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If this is really true, how did all those 'smiths rebuilding match grade 7.62 NATO M1's and M14NM's get 2/3rds MOA accuracy at 600 yards with them using good commercial .308 Win. match ammo with bullet runout up to 3 thousandths and charge weight spread of 3/10ths grain with new, unfired cases? They'd shoot about 1/3 MOA or better at 100 yards.......... All this with all those moving parts having to go back to exactly the same place after each shot, mil spec chambers and several thousandths of bullet jump. Amazing, I think.


I agree, it is impressive. I did leave a part out of that article as to not quote the entire thing. But the author did say he wasn't extremely concerned of runout up to 4 thousandths and charge weight spread of +/- .2 grain. The part of what I quoted though that interested me most was that the distance the bullet is seated off the lands is less than that of the seating depth within the neck. That way as the bullet engages the lands it is still supported by the case neck. This can easily be achieved with what you stated above. So in a way I think the statements do agree. :)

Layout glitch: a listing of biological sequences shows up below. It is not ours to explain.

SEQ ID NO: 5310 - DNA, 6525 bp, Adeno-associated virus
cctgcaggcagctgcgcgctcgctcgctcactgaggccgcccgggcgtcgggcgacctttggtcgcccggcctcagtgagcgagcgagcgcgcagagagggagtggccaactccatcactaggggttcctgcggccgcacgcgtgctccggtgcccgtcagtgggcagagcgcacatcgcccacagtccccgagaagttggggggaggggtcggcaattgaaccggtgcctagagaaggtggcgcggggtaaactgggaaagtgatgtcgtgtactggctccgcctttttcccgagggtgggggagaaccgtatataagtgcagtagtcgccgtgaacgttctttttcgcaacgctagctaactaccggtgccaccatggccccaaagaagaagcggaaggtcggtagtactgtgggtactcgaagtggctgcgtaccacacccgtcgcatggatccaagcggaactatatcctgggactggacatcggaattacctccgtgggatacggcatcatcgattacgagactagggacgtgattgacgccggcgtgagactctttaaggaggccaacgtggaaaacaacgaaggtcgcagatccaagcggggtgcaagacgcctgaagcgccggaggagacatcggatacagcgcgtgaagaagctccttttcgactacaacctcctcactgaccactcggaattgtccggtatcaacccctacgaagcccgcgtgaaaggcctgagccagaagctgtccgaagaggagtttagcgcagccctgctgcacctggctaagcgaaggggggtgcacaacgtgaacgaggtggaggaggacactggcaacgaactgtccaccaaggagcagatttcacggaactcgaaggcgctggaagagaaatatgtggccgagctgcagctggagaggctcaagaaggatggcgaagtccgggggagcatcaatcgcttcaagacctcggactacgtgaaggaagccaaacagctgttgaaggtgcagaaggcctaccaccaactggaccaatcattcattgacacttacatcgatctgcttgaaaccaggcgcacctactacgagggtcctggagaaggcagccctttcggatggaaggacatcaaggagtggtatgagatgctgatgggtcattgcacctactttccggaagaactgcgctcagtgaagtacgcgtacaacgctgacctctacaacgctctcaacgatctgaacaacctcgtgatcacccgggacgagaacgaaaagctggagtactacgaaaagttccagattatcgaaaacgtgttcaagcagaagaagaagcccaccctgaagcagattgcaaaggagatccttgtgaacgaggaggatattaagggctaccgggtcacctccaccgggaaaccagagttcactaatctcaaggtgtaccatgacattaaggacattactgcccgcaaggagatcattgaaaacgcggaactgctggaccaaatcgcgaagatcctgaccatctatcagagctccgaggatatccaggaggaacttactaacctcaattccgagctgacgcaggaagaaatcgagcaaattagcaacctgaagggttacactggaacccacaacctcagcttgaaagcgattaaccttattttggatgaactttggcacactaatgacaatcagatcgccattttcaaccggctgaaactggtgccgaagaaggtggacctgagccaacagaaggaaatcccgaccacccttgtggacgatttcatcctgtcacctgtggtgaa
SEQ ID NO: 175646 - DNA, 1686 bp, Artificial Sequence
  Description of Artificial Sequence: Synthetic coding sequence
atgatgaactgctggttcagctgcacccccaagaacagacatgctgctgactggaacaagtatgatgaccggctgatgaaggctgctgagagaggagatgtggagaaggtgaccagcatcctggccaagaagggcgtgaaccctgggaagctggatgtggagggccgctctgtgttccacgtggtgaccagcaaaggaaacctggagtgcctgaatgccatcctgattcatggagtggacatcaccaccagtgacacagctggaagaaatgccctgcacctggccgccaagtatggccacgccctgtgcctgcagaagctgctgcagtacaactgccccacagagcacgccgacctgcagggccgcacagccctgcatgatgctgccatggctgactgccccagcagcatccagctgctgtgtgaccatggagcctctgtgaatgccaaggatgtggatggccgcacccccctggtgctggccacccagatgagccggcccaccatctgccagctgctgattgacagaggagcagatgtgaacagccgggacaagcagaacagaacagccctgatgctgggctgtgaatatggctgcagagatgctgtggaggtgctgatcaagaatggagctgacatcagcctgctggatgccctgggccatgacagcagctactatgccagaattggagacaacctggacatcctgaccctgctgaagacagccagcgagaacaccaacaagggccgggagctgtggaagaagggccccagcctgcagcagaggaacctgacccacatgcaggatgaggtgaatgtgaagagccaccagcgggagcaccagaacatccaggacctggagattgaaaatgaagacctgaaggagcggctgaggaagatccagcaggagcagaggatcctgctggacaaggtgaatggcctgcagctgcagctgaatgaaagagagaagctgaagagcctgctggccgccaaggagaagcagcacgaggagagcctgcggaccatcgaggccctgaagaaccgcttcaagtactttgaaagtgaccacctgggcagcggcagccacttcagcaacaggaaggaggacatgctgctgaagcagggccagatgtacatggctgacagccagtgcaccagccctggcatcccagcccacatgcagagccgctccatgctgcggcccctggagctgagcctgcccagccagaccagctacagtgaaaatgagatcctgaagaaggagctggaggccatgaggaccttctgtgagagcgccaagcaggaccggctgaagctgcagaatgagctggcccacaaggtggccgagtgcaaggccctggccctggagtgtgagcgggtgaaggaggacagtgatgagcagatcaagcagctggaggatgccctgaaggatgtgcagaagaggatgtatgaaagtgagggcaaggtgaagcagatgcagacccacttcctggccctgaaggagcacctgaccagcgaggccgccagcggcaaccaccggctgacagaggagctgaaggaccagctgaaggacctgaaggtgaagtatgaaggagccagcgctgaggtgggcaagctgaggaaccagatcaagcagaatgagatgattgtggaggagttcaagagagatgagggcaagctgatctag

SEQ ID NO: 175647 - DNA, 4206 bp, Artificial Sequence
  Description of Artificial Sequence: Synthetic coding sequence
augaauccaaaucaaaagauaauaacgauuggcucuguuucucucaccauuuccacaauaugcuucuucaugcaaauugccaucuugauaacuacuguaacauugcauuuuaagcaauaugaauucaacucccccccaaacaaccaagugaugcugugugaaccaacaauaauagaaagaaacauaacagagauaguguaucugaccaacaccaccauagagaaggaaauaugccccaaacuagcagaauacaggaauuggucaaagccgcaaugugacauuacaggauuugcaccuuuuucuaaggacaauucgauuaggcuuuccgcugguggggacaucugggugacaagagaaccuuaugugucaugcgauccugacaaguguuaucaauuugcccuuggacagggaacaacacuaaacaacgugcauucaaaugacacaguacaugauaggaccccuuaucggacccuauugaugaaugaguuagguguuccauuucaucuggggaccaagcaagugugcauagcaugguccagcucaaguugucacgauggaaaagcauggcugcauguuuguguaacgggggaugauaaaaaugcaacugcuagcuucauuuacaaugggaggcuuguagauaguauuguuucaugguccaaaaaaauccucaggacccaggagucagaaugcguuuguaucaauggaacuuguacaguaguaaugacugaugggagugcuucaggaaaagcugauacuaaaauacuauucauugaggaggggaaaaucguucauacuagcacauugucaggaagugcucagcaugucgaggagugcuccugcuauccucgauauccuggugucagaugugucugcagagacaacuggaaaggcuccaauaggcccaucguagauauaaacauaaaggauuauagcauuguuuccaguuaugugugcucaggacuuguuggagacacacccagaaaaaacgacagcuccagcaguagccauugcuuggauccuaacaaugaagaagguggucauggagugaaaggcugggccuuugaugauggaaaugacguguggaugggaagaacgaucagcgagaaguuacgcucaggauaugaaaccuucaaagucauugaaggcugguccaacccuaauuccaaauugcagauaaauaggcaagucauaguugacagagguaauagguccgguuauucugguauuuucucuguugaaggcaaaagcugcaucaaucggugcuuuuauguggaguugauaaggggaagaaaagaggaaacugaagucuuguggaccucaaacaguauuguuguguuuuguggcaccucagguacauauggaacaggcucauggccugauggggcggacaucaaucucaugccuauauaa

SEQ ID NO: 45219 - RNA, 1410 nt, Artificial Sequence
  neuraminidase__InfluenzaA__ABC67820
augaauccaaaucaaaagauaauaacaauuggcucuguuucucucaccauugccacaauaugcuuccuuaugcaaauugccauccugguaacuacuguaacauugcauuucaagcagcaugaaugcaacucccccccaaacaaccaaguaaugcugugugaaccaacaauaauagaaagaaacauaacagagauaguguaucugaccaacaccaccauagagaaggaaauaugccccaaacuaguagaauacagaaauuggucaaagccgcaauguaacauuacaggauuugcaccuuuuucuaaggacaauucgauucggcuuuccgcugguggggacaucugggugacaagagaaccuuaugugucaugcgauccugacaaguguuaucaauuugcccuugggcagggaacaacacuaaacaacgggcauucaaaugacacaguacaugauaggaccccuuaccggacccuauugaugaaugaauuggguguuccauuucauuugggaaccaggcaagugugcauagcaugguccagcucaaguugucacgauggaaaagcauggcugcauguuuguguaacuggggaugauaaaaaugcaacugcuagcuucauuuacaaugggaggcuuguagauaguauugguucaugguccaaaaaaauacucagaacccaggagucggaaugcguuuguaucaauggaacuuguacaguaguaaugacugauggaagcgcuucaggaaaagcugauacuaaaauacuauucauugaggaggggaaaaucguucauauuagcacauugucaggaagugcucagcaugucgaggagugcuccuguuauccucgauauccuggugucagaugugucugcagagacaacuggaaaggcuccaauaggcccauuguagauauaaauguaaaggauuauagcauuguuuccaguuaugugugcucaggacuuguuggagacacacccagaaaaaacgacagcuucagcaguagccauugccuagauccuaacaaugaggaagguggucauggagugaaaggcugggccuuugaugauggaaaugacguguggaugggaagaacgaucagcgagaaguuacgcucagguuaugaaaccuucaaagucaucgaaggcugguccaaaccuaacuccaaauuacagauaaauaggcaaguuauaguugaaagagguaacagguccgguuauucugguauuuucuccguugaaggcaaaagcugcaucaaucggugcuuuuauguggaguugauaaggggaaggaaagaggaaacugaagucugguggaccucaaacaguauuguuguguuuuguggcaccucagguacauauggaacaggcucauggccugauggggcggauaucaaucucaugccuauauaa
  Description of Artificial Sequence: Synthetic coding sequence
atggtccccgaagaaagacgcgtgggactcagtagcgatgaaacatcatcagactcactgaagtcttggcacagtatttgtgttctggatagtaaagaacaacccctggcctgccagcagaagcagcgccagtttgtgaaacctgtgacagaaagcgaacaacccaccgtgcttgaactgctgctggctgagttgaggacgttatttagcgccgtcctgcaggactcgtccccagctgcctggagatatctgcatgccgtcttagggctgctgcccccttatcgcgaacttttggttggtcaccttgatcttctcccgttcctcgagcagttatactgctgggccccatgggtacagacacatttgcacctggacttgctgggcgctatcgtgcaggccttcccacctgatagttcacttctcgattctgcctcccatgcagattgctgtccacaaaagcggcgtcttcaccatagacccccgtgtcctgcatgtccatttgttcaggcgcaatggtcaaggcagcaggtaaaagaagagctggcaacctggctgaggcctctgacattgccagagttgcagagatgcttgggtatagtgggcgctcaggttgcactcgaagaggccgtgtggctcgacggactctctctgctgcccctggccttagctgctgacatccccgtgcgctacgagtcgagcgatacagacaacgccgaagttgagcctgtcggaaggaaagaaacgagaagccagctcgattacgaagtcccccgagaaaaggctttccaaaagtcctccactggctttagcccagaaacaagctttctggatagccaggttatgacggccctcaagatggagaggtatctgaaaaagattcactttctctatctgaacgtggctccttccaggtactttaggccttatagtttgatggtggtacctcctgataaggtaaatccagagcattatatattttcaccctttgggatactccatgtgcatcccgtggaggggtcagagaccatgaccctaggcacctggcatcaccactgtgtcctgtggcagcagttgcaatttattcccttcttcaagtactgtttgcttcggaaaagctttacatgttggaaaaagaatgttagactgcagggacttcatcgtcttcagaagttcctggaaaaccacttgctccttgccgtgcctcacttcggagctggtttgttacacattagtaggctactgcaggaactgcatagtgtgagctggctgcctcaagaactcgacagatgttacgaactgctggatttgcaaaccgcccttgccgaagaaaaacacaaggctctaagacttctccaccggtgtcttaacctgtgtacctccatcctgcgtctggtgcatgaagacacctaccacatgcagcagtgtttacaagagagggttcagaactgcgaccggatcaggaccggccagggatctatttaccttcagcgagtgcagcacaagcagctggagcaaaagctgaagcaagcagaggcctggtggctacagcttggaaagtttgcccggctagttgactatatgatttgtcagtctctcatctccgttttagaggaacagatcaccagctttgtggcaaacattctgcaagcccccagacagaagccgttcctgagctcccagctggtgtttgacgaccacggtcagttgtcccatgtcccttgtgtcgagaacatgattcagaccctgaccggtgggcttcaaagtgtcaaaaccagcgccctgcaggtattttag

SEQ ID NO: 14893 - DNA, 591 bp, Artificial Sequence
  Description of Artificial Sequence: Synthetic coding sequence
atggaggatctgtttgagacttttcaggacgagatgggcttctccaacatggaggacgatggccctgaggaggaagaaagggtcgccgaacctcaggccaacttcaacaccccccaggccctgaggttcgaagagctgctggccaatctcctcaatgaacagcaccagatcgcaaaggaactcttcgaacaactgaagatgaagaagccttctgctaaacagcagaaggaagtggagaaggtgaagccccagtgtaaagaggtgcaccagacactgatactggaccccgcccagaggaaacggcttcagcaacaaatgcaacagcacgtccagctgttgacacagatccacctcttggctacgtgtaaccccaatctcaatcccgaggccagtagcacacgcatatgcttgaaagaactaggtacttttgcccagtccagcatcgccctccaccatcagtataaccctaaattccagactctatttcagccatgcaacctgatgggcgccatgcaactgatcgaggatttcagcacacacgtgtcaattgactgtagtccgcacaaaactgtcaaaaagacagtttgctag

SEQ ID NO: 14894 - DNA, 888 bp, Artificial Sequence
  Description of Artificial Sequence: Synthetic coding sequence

rscott5028

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After more research I think I have finally answered my own question. Read an article on the website that explained it quite well. Thought anyone reading my insane question may also benefit from this. In a way I kind of feel like an idiot not realizing this myself. Anyhow here's the quote:

"If you are single feeding only, try to get the bullet as close to the lands as possible. However, I don't want the bullet to fully engrave. If the bullet is loaded with little to no runout, having it on the lands is not necessary for bug-hole accuracy. The key is ensuring that the bullet will fully engrave in the lands WELL BEFORE the bullet leaves the neck. If the bullet has to make an unsupported jump, no matter how small, sub MOA accuracy will be very tough to achieve."

Makes sense to me considering a bullet should be seated in the neck considerably more than the distance it is from the lands. I apologize for the long discussion I created.

Please share the link to the article you quoted...
 

ken snyder

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Fun thread! The cartridge is driven forward by the pin strike. After that it is a physics race of inertia and friction as to what moves and how far. The best that can be done is to fire form slightly stuffed. The reason to me is that at some point a difference wont be made out of something that can't make a difference. No matter what we do there will always be a little over .001 clearance and I would hope quite a bit more than that aruond the neck!